India may have grossly underestimated the might of 21st century's most aggressive pandemic.
A US Centers for Disease Control and Prevention (CDC), Atlanta, study with help from the All India Institute of Medical Sciences, (AIIMS), Delhi, to be published in the medical journal Lancet on Tuesday says the deaths caused by H1N1 pandemic flu in its first year (2009-10) could be 15 times higher than the number of laboratory-confirmed deaths previously reported to the World Health Organization.
During the pandemic, 18,500 laboratory-confirmed H1N1-deaths were reported worldwide from April, 2009, to August, 2010.
The new research indicates that the death toll was anywhere between 1.51 lakh and 5.75 lakh during the first year when the virus circulated in each country worldwide.
The results say that 80% of the deaths occurred in people younger than 65 years, contrary to seasonal influenza where most deaths occur among the elderly.
Additionally, the study suggests that 51% of the deaths may have occurred in south-east Asia and Africa, continents which are home to 38% of the world's population.
The scientists say, "China and India, where about a third of the world's population live have garnered little information about the burden of influenza."
India's age-adjusted respiratory and cardiovascular mortality rate associated with 2009 pandemic influenza H1N1 per 100 000 individuals stood at 4.1-6 per 100,000 population. Lead author Dr Fatimah S Dawood from the CDC said, "The study underscores the significant human toll of an influenza pandemic. We hope that this work can be used not only to improve influenza disease burden modeling globally, but to improve the public health response during future pandemics in parts of the world that suffer more deaths and to increase the public's awareness of the importance of influenza prevention".
It said, "As a general rule, the number of lab-confirmed flu deaths is known to be significantly lower than the number of flu deaths that actually occur, and the new research indicates that an estimated 151,700 to 575,400 people died as a result of having contracted 2009 H1N1 during the first year that the virus circulated in each country worldwide."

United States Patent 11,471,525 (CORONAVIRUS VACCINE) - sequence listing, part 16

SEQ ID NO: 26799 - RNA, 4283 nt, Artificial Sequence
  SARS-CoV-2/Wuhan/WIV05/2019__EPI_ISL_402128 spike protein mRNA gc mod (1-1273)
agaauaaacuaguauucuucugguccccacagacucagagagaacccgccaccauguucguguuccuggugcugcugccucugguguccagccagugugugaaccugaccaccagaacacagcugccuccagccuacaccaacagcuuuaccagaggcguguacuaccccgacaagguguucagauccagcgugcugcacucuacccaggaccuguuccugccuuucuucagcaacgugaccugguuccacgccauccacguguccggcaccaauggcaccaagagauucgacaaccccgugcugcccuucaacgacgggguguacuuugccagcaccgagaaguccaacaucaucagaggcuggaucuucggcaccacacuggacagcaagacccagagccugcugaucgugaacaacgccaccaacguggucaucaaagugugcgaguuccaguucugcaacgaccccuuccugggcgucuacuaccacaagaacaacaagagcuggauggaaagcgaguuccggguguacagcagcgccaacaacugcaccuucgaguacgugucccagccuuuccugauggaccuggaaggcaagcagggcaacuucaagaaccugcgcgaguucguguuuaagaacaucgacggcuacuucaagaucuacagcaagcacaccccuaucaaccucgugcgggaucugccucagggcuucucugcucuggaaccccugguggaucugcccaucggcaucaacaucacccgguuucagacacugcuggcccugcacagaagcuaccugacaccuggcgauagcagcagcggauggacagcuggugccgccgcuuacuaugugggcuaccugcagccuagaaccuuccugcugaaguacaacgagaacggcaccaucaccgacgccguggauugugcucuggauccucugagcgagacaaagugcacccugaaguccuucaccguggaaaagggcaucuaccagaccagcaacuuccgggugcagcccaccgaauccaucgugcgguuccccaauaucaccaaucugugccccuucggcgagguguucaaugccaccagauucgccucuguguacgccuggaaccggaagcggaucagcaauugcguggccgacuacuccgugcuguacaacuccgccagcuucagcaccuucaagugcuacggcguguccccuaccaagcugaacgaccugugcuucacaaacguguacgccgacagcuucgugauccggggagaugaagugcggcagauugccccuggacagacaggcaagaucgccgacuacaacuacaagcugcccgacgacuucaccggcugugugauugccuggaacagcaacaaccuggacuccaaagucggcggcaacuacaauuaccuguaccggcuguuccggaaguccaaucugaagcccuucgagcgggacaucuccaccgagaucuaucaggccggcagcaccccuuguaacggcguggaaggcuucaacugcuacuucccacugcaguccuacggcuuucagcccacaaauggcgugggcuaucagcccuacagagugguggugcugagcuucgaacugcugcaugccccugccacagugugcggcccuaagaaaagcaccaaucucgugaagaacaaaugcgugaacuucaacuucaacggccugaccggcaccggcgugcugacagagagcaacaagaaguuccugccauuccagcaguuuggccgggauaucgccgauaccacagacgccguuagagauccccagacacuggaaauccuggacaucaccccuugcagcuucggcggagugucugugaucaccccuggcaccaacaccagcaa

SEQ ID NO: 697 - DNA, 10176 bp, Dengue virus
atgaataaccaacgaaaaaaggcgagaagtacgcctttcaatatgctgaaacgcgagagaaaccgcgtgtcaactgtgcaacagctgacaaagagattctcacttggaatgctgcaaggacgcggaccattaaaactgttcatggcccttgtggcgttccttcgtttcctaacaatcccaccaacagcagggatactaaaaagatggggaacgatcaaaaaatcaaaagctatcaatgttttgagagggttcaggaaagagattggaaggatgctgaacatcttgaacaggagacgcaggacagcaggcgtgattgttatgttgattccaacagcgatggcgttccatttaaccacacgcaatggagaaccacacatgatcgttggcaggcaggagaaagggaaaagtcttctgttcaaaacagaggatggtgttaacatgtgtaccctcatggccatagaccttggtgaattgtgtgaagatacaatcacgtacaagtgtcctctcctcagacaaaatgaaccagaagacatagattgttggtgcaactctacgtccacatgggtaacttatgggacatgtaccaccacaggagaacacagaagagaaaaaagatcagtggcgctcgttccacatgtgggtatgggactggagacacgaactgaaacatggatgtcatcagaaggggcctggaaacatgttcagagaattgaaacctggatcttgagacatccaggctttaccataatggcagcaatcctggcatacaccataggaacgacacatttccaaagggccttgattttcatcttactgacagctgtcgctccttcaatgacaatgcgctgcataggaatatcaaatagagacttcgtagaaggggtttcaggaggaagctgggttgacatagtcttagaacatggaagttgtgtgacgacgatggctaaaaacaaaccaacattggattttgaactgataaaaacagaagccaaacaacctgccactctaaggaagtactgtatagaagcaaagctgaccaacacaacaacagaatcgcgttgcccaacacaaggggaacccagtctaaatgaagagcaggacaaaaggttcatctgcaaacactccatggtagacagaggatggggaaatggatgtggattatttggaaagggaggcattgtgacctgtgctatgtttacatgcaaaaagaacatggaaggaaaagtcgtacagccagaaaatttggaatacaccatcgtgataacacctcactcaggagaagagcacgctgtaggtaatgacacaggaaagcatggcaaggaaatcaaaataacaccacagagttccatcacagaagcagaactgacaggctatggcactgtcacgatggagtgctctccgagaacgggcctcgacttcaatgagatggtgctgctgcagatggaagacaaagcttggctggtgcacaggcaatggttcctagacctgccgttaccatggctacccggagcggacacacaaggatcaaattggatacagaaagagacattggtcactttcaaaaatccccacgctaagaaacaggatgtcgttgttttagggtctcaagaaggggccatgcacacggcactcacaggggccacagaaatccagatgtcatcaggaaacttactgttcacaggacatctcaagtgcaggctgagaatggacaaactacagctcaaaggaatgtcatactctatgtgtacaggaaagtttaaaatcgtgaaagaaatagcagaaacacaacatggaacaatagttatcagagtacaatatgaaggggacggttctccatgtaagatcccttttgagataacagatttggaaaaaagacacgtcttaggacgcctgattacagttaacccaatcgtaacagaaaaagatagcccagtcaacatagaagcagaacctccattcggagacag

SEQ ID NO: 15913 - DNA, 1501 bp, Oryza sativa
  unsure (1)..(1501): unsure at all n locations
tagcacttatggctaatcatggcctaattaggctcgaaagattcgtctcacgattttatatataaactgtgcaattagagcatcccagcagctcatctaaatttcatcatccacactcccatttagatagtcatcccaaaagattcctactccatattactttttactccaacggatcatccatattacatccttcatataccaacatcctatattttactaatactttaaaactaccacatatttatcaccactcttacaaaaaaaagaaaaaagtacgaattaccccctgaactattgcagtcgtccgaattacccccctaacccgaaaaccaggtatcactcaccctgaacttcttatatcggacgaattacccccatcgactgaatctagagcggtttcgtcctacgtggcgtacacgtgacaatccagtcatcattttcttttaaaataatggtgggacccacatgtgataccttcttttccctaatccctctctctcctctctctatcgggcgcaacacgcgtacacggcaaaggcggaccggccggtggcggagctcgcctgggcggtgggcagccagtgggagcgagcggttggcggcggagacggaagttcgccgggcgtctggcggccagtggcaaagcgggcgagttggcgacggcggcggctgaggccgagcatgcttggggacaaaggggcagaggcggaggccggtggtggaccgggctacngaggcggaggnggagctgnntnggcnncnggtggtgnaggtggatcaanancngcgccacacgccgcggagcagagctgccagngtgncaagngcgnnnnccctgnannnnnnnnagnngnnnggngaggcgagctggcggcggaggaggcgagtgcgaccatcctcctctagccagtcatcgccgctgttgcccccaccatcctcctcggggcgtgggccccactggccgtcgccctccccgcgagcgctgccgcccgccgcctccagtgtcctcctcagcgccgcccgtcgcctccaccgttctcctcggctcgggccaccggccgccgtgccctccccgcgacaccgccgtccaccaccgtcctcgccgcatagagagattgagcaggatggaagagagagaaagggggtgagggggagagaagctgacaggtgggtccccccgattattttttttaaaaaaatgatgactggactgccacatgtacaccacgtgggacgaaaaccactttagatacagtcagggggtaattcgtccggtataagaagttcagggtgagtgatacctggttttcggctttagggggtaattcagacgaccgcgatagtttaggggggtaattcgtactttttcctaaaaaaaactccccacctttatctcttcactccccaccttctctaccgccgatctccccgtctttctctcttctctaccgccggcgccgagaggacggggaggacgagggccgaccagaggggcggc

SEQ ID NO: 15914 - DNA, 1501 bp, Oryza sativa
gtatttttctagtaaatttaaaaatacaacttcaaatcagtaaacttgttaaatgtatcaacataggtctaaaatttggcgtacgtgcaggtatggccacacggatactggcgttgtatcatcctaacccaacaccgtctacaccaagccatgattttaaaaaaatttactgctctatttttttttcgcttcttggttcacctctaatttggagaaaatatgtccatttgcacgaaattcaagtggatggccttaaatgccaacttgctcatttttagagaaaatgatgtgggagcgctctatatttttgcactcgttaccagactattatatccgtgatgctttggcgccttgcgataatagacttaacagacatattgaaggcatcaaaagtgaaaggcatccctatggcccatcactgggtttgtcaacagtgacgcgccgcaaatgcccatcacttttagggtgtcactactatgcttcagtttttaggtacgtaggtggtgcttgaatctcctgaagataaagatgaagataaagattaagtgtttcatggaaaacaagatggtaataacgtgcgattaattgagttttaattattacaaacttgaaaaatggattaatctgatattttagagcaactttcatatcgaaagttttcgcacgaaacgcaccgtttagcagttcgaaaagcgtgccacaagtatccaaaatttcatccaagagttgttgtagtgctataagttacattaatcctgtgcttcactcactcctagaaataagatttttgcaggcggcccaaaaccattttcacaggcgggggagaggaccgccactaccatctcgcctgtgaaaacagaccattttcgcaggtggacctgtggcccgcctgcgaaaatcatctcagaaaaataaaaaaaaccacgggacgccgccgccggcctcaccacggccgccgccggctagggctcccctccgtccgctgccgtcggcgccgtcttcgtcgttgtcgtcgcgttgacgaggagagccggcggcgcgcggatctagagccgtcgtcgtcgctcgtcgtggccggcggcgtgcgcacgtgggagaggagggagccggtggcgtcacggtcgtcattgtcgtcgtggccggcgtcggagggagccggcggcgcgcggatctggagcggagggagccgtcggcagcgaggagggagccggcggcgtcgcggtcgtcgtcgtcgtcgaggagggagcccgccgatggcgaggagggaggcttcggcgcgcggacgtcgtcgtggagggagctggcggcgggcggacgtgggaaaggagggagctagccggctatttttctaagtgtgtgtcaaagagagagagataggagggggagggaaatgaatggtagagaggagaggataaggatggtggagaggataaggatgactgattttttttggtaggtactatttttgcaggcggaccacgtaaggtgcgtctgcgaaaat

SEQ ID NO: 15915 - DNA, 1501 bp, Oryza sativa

For the study, the CDC estimated the 12-month cumulative symptomatic attack rate (sAR) and multiplied it by the estimated symptomatic case fatality ratio (sCFR) from 17 sites in 13 countries — India, Bangladesh, Cambodia, Denmark, Germany, Kenya, Netherlands, New Zealand, Nicaragua, Peru, England, USA and Vietnam. Because the 2009 pandemic affected younger populations more than the senior citizens, the global burden in terms of years of life lost (YLL) was higher during this pandemic than it would be for a typical influenza season.
The study said, "Estimated YLL were 9707, 000 during the first 12 months of the pandemic. Southeast Asia was the region with the greatest YLL. Total YLL attributable to deaths associated with 2009 pandemic influenza A H1N1 was 3·4 times higher than if the age distribution of deaths had been similar to that during seasonal epidemics."
The study found that 65% of 2009 pandemic influenza A H1N1 deaths worldwide were in individuals aged 18-64 years (60% of global population), although the age distribution varied by region. Overall, 13% of respiratory deaths were in people older than 64 years (8% of global population).
"An additional 83,300 cardiovascular deaths associated with the 2009 pandemic influenza were estimated to have occurred in people older than 17 years, resulting in a total of 284,400 respiratory and cardiovascular deaths. Around 20% of these deaths occurred in people older than 64 years," it added.
Influenza pandemics are typically characterized by higher, but widely varying, number of deaths than seasonal epidemics. The emergence of pandemic influenza H1N1 in April, 2009, led WHO to request that countries report all laboratory-confirmed deaths associated with it.
"For the period up to August, 2010, 18,500 deaths associated with laboratory-confirmed 2009 pandemic influenza H1N1 have been reported. This number is likely to be an underestimate because diagnostic specimens are not always obtained from people who die with influenza and the viruses might no longer be detectable by the time of death in some people."